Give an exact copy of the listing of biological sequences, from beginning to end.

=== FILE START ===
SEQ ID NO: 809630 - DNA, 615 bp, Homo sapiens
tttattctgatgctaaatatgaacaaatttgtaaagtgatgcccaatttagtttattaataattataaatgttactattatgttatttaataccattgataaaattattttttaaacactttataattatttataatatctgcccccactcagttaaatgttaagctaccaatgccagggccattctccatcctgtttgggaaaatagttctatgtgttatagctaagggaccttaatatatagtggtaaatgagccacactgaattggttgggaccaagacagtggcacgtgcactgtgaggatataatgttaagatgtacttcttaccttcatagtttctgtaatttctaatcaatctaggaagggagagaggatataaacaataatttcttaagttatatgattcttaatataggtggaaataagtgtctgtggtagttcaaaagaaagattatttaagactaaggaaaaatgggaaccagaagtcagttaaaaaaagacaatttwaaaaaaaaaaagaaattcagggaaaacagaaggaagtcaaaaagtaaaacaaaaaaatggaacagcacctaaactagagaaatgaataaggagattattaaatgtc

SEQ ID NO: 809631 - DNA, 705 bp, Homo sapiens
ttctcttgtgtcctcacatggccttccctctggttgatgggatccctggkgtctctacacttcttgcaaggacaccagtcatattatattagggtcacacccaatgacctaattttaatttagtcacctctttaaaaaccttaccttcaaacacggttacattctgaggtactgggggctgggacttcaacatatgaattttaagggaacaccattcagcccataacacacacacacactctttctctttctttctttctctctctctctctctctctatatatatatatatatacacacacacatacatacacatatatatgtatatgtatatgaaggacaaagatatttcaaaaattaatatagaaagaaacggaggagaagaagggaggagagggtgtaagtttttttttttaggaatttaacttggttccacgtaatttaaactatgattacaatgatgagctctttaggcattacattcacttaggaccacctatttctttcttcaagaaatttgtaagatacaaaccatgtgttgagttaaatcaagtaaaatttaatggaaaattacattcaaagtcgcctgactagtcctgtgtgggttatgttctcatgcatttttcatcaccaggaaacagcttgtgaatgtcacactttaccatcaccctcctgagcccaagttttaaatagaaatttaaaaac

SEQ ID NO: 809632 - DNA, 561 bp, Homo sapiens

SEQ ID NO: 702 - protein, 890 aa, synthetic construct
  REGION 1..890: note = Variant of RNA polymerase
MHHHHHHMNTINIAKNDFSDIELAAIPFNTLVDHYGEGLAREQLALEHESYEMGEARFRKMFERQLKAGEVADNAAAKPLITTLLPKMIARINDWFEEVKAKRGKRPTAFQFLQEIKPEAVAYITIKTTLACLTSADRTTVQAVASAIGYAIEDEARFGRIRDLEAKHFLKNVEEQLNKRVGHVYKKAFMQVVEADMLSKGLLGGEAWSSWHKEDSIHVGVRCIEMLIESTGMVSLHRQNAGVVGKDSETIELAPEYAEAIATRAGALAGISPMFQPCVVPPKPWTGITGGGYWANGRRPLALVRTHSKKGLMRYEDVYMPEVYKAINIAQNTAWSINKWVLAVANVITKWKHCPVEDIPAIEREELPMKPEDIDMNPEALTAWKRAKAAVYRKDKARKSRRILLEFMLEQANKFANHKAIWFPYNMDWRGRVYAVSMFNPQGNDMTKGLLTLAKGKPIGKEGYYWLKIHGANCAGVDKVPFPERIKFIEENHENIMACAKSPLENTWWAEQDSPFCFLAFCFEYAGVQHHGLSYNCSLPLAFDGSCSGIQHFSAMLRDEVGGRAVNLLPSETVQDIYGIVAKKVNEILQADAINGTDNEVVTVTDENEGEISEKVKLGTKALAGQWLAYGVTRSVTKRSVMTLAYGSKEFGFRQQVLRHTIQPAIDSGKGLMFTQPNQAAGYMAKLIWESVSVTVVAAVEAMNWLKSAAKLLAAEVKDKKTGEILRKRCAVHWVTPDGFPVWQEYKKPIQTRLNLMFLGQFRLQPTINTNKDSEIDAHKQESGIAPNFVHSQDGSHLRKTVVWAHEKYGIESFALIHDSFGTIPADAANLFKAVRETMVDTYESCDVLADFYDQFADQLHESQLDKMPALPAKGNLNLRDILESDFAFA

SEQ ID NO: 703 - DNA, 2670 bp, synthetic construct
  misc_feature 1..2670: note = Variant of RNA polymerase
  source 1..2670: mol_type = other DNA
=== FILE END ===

SEQ ID NO: 809630 - DNA, 615 bp, Homo sapiens
tttattctgatgctaaatatgaacaaatttgtaaagtgatgcccaatttagtttattaataattataaatgttactattatgttatttaataccattgataaaattattttttaaacactttataattatttataatatctgcccccactcagttaaatgttaagctaccaatgccagggccattctccatcctgtttgggaaaatagttctatgtgttatagctaagggaccttaatatatagtggtaaatgagccacactgaattggttgggaccaagacagtggcacgtgcactgtgaggatataatgttaagatgtacttcttaccttcatagtttctgtaatttctaatcaatctaggaagggagagaggatataaacaataatttcttaagttatatgattcttaatataggtggaaataagtgtctgtggtagttcaaaagaaagattatttaagactaaggaaaaatgggaaccagaagtcagttaaaaaaagacaatttwaaaaaaaaaaagaaattcagggaaaacagaaggaagtcaaaaagtaaaacaaaaaaatggaacagcacctaaactagagaaatgaataaggagattattaaatgtc

SEQ ID NO: 809631 - DNA, 705 bp, Homo sapiens
ttctcttgtgtcctcacatggccttccctctggttgatgggatccctggkgtctctacacttcttgcaaggacaccagtcatattatattagggtcacacccaatgacctaattttaatttagtcacctctttaaaaaccttaccttcaaacacggttacattctgaggtactgggggctgggacttcaacatatgaattttaagggaacaccattcagcccataacacacacacacactctttctctttctttctttctctctctctctctctctctatatatatatatatatacacacacacatacatacacatatatatgtatatgtatatgaaggacaaagatatttcaaaaattaatatagaaagaaacggaggagaagaagggaggagagggtgtaagtttttttttttaggaatttaacttggttccacgtaatttaaactatgattacaatgatgagctctttaggcattacattcacttaggaccacctatttctttcttcaagaaatttgtaagatacaaaccatgtgttgagttaaatcaagtaaaatttaatggaaaattacattcaaagtcgcctgactagtcctgtgtgggttatgttctcatgcatttttcatcaccaggaaacagcttgtgaatgtcacactttaccatcaccctcctgagcccaagttttaaatagaaatttaaaaac

SEQ ID NO: 809632 - DNA, 561 bp, Homo sapiens

SEQ ID NO: 702 - protein, 890 aa, synthetic construct
  REGION 1..890: note = Variant of RNA polymerase
MHHHHHHMNTINIAKNDFSDIELAAIPFNTLVDHYGEGLAREQLALEHESYEMGEARFRKMFERQLKAGEVADNAAAKPLITTLLPKMIARINDWFEEVKAKRGKRPTAFQFLQEIKPEAVAYITIKTTLACLTSADRTTVQAVASAIGYAIEDEARFGRIRDLEAKHFLKNVEEQLNKRVGHVYKKAFMQVVEADMLSKGLLGGEAWSSWHKEDSIHVGVRCIEMLIESTGMVSLHRQNAGVVGKDSETIELAPEYAEAIATRAGALAGISPMFQPCVVPPKPWTGITGGGYWANGRRPLALVRTHSKKGLMRYEDVYMPEVYKAINIAQNTAWSINKWVLAVANVITKWKHCPVEDIPAIEREELPMKPEDIDMNPEALTAWKRAKAAVYRKDKARKSRRILLEFMLEQANKFANHKAIWFPYNMDWRGRVYAVSMFNPQGNDMTKGLLTLAKGKPIGKEGYYWLKIHGANCAGVDKVPFPERIKFIEENHENIMACAKSPLENTWWAEQDSPFCFLAFCFEYAGVQHHGLSYNCSLPLAFDGSCSGIQHFSAMLRDEVGGRAVNLLPSETVQDIYGIVAKKVNEILQADAINGTDNEVVTVTDENEGEISEKVKLGTKALAGQWLAYGVTRSVTKRSVMTLAYGSKEFGFRQQVLRHTIQPAIDSGKGLMFTQPNQAAGYMAKLIWESVSVTVVAAVEAMNWLKSAAKLLAAEVKDKKTGEILRKRCAVHWVTPDGFPVWQEYKKPIQTRLNLMFLGQFRLQPTINTNKDSEIDAHKQESGIAPNFVHSQDGSHLRKTVVWAHEKYGIESFALIHDSFGTIPADAANLFKAVRETMVDTYESCDVLADFYDQFADQLHESQLDKMPALPAKGNLNLRDILESDFAFA

SEQ ID NO: 703 - DNA, 2670 bp, synthetic construct
  misc_feature 1..2670: note = Variant of RNA polymerase
  source 1..2670: mol_type = other DNA